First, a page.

Individuals thinking about pursuing a J.D. degree will still be able to log on and take the Law School Admission Test from their homes well into next spring.
Citing the “continuing uncertainty and disruption of the COVID-19 emergency,” the Law School Admission Council has announced that all the remaining LSAT administrations will be delivered remotely instead of in-person through April 2021.
The public health crisis also forced the Indiana Bar Exam to be given remotely in August but the Indiana Supreme Court has not made any decisions as whether the February exam will be remote or in-person.
Typically, half as many candidates take the bar in February as in July. The number of potential applicants sitting for the exam, which is scheduled to be given Feb. 23 and 24, 2021, is one factor being considered in determining how the test will be administered.
“As with all COVID-19 related scenarios, the Indiana Supreme Court is considering safety and fairness as the guiding factors of the discussion,” said Kathryn Dolan, spokeswoman for the Supreme Court. “Both the Board (of Law Examiners) and Indiana Supreme Court are reviewing options related to the test. No decision has been made at this point regarding whether the test will be remote or in-person.”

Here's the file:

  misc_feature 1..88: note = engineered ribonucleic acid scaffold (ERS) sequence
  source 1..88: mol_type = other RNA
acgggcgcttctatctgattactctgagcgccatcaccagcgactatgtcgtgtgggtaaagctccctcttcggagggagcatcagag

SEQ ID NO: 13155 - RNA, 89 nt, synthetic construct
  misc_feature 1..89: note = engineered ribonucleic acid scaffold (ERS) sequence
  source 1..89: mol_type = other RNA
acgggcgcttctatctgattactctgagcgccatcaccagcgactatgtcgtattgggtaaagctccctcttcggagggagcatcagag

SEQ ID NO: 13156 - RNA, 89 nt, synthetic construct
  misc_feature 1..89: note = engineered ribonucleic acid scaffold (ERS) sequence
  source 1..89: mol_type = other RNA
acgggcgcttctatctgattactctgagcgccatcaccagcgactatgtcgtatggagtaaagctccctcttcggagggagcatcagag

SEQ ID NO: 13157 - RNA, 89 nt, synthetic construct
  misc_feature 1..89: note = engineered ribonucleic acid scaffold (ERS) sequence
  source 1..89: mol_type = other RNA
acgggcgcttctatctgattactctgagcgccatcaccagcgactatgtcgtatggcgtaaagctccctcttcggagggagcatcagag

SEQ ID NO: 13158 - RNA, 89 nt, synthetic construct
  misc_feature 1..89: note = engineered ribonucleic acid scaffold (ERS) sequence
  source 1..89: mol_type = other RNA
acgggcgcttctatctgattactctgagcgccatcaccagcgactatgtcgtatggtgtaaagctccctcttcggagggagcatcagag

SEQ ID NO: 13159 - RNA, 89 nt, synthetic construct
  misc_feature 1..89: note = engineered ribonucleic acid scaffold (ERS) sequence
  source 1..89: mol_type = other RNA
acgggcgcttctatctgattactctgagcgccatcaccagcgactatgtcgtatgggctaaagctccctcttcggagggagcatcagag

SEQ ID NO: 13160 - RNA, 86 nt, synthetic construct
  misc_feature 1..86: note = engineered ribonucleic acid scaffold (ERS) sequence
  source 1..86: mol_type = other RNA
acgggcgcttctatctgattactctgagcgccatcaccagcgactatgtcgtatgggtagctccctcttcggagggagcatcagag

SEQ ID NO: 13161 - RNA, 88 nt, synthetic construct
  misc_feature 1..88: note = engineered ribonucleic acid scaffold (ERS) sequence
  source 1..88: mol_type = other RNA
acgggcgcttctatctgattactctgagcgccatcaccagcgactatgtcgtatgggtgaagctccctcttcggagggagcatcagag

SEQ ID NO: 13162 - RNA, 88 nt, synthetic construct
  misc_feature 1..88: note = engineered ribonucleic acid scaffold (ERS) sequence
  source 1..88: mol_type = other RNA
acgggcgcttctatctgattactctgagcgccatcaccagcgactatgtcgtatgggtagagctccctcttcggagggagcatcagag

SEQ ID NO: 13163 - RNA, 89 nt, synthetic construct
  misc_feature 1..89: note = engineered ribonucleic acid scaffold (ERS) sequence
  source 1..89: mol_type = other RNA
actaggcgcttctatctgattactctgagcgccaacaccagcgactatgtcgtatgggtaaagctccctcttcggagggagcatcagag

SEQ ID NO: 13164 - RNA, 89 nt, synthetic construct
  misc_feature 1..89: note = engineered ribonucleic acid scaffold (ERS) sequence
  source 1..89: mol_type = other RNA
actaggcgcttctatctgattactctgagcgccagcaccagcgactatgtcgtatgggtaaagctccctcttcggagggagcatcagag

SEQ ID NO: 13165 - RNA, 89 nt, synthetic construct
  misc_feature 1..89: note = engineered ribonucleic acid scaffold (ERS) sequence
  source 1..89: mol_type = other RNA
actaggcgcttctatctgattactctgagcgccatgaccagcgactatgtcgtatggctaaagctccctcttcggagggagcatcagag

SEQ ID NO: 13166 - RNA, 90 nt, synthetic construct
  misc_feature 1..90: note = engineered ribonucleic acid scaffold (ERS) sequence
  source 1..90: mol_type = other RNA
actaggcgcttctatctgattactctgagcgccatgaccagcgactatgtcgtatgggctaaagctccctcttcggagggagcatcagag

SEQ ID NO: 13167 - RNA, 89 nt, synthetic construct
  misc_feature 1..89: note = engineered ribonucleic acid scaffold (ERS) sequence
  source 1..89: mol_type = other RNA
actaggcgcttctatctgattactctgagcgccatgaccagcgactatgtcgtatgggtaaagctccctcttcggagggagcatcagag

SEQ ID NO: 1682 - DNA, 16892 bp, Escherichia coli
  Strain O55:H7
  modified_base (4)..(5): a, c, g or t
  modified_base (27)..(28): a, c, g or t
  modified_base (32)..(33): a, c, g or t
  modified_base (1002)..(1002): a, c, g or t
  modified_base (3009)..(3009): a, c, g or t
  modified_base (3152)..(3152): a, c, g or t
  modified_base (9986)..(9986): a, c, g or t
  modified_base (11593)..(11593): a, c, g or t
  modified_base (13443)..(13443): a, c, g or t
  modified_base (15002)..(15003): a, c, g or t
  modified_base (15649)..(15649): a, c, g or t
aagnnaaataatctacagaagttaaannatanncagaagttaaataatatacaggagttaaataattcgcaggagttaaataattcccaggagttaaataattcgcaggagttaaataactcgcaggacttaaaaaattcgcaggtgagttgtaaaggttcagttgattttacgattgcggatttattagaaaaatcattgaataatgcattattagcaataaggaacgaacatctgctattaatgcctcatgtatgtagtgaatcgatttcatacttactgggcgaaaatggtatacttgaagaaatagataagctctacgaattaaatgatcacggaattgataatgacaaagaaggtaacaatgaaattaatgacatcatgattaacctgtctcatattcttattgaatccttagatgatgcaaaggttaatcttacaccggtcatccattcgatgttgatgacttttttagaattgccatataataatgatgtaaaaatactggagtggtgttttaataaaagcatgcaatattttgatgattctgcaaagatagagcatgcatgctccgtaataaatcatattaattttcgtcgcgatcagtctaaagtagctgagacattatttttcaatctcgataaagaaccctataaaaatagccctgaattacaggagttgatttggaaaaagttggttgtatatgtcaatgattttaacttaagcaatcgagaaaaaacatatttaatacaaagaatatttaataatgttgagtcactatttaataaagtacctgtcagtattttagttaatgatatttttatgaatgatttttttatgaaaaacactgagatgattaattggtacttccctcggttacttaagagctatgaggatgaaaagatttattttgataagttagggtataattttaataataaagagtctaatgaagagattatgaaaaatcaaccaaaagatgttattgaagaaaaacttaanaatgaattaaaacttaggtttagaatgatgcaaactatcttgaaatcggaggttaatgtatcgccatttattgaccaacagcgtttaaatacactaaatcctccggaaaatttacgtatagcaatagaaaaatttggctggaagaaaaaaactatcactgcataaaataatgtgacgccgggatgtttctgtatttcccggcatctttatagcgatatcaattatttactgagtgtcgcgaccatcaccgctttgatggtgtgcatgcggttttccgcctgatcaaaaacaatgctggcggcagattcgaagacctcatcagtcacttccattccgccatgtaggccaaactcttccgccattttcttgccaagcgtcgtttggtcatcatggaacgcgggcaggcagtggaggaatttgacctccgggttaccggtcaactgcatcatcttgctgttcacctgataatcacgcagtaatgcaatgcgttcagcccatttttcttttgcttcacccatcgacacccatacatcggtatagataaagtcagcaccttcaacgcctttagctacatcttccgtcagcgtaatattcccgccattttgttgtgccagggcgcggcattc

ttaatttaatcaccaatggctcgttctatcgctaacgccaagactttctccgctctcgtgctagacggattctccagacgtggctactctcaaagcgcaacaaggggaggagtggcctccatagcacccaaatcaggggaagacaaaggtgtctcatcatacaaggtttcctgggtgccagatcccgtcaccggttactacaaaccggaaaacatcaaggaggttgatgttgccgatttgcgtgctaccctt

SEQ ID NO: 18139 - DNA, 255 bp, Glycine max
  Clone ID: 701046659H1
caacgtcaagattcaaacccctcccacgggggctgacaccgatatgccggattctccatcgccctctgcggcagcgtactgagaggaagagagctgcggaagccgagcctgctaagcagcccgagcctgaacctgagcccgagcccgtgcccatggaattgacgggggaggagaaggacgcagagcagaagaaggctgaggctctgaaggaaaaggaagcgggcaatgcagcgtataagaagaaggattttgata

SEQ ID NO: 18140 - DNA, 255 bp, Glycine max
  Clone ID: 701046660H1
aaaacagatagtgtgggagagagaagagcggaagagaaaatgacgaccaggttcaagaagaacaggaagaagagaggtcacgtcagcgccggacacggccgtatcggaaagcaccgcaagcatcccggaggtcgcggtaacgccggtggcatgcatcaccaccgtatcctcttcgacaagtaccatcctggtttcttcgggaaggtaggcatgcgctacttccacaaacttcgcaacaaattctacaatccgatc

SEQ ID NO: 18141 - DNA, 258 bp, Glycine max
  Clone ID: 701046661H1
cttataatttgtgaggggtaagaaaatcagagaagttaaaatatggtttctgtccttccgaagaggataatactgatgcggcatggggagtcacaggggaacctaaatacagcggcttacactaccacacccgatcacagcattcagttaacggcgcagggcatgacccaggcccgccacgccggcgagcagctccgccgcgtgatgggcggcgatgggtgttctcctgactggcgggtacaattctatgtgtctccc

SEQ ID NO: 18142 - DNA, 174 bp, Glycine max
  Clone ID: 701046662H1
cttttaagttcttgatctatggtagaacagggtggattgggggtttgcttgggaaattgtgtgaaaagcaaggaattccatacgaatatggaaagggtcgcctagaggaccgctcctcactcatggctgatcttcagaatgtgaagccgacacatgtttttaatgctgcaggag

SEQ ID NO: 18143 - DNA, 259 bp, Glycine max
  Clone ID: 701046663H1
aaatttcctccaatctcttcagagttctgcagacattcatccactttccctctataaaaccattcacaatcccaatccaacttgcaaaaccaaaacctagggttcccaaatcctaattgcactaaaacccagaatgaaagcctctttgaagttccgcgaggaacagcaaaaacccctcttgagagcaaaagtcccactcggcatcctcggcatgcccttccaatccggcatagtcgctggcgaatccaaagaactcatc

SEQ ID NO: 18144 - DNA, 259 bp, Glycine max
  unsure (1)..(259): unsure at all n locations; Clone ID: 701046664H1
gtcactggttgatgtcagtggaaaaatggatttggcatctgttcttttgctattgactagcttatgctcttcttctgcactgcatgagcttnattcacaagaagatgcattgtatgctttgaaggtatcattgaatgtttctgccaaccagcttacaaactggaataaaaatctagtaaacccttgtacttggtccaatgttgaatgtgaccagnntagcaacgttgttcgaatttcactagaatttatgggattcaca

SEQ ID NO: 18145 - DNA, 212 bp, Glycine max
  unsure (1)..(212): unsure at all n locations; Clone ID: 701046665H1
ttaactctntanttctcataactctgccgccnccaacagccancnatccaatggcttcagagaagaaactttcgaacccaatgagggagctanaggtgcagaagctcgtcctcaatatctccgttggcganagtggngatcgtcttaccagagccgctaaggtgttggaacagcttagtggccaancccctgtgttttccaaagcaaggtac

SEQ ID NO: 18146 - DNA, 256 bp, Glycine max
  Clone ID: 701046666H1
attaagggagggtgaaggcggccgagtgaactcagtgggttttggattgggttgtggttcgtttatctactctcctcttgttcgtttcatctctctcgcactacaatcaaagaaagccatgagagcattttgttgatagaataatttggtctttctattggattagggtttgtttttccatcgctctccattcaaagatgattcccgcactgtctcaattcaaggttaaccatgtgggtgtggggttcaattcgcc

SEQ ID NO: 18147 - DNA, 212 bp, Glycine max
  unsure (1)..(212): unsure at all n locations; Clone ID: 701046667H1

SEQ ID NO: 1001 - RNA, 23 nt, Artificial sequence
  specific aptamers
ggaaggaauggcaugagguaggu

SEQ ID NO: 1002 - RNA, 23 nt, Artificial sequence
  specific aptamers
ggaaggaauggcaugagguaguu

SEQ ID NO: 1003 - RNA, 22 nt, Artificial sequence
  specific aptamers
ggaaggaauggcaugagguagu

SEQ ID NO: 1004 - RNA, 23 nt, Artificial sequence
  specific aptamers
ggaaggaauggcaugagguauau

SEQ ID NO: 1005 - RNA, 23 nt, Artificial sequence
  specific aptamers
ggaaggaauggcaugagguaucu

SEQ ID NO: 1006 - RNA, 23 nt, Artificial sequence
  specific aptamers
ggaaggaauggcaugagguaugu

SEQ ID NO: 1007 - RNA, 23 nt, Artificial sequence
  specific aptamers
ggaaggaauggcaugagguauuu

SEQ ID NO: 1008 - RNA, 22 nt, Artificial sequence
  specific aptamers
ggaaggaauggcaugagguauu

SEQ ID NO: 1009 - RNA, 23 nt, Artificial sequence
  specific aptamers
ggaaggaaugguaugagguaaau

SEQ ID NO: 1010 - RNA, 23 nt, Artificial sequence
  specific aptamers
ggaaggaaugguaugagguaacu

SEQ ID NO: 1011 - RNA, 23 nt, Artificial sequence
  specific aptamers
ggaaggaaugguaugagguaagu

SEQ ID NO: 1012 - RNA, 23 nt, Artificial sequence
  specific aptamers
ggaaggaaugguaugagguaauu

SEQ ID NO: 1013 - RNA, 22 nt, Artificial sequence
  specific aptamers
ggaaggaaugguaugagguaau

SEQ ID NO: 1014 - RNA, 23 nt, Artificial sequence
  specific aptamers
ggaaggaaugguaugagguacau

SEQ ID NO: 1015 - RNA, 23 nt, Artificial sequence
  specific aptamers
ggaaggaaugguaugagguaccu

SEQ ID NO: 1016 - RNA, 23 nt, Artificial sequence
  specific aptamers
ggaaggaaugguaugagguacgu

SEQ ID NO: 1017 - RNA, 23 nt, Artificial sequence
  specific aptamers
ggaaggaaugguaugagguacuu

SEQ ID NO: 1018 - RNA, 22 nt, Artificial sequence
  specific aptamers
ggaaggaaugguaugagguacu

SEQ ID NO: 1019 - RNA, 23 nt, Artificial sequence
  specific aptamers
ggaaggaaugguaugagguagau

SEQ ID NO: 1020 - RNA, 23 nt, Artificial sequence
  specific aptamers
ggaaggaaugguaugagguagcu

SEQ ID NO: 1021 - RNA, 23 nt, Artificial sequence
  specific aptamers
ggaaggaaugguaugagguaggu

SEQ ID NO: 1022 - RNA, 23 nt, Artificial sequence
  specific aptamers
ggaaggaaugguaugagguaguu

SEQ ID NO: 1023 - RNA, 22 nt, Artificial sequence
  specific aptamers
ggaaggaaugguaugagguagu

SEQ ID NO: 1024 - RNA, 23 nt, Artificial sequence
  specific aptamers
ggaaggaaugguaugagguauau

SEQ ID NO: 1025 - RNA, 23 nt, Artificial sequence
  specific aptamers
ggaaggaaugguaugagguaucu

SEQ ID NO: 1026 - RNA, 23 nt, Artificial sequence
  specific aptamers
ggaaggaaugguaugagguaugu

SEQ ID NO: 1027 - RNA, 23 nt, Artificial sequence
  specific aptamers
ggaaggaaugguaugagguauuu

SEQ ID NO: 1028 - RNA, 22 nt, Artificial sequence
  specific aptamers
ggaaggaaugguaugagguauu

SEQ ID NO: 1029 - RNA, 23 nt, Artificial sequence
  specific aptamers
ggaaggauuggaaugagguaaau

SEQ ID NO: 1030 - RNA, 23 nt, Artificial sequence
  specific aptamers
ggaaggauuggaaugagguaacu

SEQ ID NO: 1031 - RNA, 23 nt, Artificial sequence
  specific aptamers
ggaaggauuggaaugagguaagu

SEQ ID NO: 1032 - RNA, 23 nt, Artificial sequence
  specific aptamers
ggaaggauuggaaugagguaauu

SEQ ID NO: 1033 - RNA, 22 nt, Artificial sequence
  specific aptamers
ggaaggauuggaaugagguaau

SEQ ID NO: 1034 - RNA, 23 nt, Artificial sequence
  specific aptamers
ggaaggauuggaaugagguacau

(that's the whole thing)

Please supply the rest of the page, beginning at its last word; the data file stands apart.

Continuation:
Jeff Thomas, executive director of legal programs at Kaplan Test Prep, applauded LSAC’s decision. He said the announcement that LSAT-Flex will continue to be given will have a “calming effect” on the test takers because they will know what to expect.
In addition, Kaplan has found the applicants taking the remote version will not be at an admissions disadvantage.
“Giving the current trajectory of COVID-19 cases, it seems more than likely that the pandemic will continue to impact our lives for the foreseeable future,” Thomas said in a statement. “The Law School Admission Council’s decision to extend administrations of the LSAT-Flex through April 2021 adds a degree of certainty to an unprecedented admissions cycle and that’s good news for pre-law students who were wondering about which version of the test they would have to take.”
LSAT-Flex, the online and remotely proctored version of the LSAT, was developed and first offered in May after the COVID-19 outbreak forced the cancelations of the March and April dates for the in-person exam. The Flex version was first administered in May 2020, and, like the traditional LSAT, tests analytical reasoning, logical reasoning and reading comprehension.
LSAC data show an uptick in applicants taking the remote version of the admission test with the number of individuals registered to take the October and November entrance exam significantly higher than last year. For the October and November 2020 test dates, 61,004 people are registered while 40,463 were registered to take the exam during the same two months in 2019.
Also, to date, 125,389 individuals have registered for the 2020-2021 testing year compared to 142,047 who had registered for the entire 2019-2020 testing year.
The next LSAT-Flex test will be administered during the week starting Saturday, Nov. 7. Results are hoped to be released Nov. 24.